Fall 2000, Editorial:

The comedian Rodney Dangerfield had only one memorable line: "I don't get
no respect". Although he was referring to himself (with good reason!), I'd
like to re-write his line to read "THEY don't get no respect". "THEY" are
a group of hardworking pipers and drummers who, in spite of their efforts,
their attendance at a wide variety of competitions, their participation in
bands, and their intense desire to do well, frequently seem to be
considered by many to be faintly ridiculous.

I refer to men and women who participate in the "Adult Class" at solo
competitions. Having taught many adults, some of whom are now competing
solo and doing very well, and having met and competed against many of the
pipers, let me give you a few facts about adult players:

1. Most of them, to my knowledge, practice regularly and prepare for their
2. They are supporters and participants in games from Comox to Seattle to
Penticton and further afield.
3. They get nervous when they compete.
4. They like, as most competitors do, to win.
5. They want to have a good sound.
6. They want to receive constructive criticism from the judges which is
neither patronizing nor condescending.
7. They want to be better players.
8. They are proud of what they do.
9. They know they'll never be Gold Medal winners.
10. Most adult players are more critical of themselves than a teacher or
judge would be.
11. They are doing it for the love of the music.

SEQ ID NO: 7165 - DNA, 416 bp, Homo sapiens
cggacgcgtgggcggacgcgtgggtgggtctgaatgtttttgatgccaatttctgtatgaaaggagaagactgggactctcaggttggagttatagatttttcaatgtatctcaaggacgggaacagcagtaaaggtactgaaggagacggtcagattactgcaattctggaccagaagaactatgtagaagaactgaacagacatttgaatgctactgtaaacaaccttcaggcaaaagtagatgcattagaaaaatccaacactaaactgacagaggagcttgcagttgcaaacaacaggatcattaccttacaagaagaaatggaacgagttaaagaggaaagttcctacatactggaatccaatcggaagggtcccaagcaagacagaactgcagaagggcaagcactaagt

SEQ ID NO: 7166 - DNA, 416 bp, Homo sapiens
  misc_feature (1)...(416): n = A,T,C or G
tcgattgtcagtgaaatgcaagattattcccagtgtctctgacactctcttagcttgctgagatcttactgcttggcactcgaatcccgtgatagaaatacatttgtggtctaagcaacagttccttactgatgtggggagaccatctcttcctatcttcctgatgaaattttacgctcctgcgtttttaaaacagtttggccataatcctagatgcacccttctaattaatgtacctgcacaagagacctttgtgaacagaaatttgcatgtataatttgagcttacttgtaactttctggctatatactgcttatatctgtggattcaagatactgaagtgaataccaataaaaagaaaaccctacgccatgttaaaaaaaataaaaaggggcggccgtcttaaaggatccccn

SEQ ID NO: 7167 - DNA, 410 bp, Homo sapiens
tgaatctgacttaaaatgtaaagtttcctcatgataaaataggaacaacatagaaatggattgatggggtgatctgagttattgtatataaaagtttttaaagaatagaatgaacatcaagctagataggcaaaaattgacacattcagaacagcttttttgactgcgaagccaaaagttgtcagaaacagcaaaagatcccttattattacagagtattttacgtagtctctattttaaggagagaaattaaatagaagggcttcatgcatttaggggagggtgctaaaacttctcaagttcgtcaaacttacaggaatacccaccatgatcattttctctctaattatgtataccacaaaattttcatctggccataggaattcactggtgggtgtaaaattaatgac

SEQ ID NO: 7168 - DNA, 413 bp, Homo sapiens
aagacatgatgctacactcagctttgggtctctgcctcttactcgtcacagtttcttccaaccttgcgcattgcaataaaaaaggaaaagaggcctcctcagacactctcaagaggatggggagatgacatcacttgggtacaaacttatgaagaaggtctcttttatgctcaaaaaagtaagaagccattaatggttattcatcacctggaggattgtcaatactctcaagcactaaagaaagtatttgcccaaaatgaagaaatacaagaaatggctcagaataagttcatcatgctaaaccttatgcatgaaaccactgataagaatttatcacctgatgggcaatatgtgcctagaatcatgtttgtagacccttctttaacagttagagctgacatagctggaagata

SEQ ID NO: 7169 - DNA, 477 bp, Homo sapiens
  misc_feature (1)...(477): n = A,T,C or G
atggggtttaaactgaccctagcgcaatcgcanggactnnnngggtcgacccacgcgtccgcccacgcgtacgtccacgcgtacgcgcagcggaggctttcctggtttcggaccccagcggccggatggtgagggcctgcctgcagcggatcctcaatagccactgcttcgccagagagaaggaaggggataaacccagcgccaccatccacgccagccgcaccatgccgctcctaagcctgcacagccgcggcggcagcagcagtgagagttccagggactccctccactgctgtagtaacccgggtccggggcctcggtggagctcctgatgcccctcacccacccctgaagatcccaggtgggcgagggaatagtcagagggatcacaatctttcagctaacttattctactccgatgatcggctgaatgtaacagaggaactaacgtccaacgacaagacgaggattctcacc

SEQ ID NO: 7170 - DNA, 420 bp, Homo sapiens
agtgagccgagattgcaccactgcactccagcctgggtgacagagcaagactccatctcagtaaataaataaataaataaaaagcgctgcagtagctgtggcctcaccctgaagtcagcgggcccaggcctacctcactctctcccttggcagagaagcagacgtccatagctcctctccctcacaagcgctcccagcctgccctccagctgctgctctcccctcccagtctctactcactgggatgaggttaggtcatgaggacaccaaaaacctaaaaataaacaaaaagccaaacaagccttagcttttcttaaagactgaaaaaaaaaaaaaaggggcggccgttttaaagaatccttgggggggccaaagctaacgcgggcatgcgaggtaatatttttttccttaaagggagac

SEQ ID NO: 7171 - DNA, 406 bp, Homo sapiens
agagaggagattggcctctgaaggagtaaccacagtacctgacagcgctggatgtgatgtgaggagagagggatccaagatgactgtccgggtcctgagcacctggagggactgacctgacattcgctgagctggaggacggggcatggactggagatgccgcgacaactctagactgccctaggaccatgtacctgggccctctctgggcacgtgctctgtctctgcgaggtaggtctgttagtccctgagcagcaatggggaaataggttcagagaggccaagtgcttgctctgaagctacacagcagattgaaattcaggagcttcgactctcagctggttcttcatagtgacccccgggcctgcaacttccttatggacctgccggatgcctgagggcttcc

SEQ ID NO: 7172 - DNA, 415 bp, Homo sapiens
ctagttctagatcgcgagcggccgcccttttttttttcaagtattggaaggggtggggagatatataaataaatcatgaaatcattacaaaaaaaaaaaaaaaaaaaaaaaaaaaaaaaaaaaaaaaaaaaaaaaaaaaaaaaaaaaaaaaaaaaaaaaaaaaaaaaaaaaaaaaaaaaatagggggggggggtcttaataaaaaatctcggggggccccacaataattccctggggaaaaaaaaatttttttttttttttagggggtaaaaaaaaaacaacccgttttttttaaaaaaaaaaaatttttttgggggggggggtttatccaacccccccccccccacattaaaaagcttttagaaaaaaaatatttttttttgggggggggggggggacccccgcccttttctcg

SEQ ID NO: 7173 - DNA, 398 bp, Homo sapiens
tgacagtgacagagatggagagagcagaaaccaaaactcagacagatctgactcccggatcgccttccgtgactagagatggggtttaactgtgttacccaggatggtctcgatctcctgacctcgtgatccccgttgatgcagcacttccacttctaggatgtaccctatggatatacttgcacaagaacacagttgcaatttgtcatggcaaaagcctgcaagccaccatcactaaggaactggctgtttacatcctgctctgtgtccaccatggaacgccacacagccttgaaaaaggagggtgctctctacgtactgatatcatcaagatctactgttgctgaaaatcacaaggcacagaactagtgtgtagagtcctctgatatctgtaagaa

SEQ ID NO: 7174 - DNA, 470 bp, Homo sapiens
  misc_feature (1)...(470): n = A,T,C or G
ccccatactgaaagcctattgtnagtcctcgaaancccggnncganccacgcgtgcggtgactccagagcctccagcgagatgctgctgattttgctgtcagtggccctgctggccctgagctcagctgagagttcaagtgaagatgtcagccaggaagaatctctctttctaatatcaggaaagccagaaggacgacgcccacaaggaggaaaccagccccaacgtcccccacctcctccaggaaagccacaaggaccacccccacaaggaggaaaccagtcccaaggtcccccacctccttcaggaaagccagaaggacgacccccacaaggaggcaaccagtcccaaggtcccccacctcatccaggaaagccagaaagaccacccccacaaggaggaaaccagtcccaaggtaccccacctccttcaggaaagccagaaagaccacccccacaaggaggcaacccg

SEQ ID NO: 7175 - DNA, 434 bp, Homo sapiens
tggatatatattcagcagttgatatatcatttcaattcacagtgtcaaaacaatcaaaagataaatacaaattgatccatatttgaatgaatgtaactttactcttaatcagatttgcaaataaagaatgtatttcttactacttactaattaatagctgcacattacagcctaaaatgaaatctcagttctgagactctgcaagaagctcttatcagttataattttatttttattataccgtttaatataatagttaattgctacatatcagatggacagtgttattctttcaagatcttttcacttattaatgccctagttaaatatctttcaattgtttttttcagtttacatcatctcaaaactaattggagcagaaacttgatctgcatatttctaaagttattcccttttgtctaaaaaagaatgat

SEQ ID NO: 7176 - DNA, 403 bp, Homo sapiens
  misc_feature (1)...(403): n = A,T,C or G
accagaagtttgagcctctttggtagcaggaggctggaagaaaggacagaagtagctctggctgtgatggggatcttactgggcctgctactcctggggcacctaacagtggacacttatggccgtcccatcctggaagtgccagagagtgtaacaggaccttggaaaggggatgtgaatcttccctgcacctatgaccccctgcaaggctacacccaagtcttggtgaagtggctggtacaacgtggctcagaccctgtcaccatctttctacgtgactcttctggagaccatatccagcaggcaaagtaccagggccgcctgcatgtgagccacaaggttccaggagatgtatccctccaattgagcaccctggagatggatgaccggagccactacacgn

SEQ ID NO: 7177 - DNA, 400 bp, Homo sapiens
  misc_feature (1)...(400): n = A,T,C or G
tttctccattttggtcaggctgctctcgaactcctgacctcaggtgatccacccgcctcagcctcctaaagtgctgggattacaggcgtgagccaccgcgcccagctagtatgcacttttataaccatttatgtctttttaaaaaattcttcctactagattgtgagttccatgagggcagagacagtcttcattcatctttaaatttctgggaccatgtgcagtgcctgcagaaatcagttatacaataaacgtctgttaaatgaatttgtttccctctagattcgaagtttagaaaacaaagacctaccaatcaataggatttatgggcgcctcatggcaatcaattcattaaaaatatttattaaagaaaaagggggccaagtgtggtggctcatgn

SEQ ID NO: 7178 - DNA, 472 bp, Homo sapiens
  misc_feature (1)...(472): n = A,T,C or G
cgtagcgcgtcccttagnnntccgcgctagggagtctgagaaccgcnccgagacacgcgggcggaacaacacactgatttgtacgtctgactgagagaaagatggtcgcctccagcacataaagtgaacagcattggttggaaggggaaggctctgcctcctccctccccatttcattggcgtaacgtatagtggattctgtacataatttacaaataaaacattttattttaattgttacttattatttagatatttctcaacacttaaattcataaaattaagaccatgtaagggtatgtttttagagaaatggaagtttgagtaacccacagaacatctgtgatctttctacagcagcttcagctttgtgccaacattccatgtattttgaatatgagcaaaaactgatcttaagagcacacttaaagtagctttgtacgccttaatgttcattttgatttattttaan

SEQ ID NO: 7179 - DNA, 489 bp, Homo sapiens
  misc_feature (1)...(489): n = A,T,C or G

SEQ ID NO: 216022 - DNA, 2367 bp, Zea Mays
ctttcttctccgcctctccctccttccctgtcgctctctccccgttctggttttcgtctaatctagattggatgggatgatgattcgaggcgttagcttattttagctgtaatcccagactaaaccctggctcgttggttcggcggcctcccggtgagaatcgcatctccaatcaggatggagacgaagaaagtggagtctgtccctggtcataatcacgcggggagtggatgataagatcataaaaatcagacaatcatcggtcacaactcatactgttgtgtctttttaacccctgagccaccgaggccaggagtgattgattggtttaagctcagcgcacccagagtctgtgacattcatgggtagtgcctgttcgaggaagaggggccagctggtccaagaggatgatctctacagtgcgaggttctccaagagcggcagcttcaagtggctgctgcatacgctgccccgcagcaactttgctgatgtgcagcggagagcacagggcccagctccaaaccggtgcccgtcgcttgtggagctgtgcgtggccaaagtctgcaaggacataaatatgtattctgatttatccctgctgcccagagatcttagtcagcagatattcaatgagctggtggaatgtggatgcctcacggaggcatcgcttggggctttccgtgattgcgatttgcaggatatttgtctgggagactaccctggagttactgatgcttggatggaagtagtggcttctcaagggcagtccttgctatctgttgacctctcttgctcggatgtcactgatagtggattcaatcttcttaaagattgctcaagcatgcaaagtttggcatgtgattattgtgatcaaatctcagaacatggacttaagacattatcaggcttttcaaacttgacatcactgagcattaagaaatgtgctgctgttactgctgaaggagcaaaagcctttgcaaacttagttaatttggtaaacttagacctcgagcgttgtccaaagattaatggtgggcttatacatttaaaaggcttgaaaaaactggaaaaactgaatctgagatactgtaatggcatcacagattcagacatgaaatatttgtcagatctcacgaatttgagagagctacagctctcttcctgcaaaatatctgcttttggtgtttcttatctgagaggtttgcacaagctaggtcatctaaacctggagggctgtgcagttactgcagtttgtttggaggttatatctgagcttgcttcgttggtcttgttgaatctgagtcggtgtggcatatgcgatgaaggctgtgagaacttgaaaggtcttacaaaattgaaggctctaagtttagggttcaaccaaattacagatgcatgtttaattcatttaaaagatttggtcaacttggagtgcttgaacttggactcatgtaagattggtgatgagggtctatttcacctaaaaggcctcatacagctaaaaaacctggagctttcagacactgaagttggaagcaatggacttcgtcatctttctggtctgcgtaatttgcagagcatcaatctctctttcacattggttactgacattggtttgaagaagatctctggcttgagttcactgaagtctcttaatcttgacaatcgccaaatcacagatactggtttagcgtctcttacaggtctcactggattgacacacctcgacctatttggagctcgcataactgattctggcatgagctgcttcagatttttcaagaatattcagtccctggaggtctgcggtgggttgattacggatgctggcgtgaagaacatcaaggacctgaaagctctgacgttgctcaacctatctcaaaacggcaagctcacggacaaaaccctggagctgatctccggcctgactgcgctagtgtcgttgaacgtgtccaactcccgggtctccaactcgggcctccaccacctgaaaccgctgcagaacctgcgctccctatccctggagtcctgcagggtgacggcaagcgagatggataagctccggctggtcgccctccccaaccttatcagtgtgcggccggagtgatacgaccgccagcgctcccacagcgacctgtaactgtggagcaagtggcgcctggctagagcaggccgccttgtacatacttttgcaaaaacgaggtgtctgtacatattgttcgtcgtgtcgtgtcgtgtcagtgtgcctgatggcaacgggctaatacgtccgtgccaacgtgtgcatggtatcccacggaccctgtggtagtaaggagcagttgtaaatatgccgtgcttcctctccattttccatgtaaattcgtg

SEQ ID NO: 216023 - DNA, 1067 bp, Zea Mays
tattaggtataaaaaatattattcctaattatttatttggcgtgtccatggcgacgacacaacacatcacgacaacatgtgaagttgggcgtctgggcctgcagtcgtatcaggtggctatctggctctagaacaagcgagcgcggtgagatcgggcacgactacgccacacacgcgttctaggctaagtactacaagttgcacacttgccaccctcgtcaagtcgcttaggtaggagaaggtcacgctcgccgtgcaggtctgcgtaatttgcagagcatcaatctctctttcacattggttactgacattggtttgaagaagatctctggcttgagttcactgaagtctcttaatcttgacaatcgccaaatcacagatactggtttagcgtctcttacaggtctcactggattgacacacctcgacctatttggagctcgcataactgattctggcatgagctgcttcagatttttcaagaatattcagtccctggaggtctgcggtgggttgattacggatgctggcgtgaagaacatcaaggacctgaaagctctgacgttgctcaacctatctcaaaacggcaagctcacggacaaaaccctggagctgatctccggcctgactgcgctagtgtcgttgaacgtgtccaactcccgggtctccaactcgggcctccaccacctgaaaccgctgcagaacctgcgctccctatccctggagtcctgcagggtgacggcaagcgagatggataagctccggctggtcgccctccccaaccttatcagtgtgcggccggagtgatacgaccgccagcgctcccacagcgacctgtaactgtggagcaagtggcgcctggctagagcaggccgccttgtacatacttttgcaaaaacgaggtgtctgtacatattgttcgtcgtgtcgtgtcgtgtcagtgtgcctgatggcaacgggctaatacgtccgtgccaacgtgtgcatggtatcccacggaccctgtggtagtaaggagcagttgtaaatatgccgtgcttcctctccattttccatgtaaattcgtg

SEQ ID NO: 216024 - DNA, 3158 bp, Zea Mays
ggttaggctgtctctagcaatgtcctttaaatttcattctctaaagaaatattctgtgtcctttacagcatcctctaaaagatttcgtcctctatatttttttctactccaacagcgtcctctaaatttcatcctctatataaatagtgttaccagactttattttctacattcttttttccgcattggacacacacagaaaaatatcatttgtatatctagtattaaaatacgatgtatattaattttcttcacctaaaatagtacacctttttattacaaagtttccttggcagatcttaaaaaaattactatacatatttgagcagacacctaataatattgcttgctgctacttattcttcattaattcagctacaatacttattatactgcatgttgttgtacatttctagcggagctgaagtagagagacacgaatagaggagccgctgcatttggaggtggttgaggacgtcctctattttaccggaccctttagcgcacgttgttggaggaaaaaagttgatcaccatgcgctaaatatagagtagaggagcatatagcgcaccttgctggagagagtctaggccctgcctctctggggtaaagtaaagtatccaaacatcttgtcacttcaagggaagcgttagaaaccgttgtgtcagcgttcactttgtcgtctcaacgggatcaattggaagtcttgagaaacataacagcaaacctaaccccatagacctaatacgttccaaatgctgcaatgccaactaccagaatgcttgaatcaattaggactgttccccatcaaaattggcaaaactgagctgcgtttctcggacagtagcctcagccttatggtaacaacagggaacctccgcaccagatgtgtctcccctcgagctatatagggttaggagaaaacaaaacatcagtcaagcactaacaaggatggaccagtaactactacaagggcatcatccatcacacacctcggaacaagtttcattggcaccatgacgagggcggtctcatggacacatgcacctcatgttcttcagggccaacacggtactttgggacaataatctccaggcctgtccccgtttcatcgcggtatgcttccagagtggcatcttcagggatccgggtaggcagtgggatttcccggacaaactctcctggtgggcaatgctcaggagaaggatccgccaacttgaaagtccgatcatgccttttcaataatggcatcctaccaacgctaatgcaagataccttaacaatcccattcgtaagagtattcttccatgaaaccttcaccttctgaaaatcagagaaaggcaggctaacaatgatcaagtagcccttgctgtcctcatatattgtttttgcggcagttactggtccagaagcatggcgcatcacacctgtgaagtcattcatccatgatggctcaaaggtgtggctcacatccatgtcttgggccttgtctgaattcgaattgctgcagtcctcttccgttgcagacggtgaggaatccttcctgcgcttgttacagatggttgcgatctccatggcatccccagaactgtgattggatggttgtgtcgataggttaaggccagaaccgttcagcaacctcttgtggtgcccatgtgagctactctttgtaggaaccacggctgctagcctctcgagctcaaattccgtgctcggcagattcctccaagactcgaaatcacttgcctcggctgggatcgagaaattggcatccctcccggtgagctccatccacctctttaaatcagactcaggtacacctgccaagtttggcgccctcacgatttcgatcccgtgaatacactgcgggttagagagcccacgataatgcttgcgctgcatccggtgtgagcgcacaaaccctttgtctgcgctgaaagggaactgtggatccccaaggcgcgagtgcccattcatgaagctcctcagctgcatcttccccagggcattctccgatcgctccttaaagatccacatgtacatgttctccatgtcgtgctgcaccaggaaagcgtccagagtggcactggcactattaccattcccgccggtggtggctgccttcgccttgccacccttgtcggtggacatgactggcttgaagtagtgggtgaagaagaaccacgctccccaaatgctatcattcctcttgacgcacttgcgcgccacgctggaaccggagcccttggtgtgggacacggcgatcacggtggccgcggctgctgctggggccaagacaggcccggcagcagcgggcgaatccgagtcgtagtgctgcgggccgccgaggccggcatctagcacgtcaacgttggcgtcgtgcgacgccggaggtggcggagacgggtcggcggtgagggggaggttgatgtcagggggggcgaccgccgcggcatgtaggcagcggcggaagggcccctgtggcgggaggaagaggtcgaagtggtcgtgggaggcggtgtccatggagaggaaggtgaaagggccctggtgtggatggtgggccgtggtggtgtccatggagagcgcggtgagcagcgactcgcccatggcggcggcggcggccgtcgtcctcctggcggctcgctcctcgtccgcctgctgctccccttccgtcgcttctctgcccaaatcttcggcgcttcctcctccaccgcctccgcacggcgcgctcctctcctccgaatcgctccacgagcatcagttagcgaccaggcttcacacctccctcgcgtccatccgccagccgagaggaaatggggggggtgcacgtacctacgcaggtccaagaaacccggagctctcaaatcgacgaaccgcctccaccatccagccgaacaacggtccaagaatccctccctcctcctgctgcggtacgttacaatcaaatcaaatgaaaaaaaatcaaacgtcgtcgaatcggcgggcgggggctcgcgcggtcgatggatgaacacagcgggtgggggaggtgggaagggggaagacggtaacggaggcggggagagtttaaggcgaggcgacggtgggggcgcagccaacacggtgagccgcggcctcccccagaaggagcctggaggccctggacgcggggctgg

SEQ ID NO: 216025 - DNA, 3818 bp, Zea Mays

12. They're nice people.

Most of these players learned late in life, trying to wrap 30, 40, or
50-year-old fingers around a chanter (or a drumstick) when they could be
just pressing the remote to go channel surfing. Starting "late" takes as
much, if not more, determination, nerve, and sheer will power than that
which is required by the youngest and most talented. Some of them have
been playing for a significant period of time, but advancing age does odd
things to finger joints, arm strength, and back muscles. Still, they
continue to take pleasure from doing what they have worked long and hard to

It's interesting that in Scotland, where if you didn't learn the pipes as a
youngster you didn't learn at all, there has been a fairly recent and rapid
increase in the number of adults wanting to take lessons; wanting to live
part of their heritage. Just last summer (1999), a houseguest of ours from
Glasgow commented with some surprise on the number of adults new to their
instruments actively competing and participating here. Over the last
winter, the College of Piping has noted an increase in their adult
students, and the Eastern U.S. as well. There are lots of adult players,
and there will be more. Why not give them some respect? Not just the
appearance, but that which is meaningful and, above all, honest.

These men and women need the support of other competitors and participants.
They need your support. They need my support. They need a pat on the
back once in a while from all of us to say "thanks for competing", "thanks
for trying", "thanks for doing your best"; "thanks for being here".

Rorri McBlane
Editor, B.C. Pipers Association Communications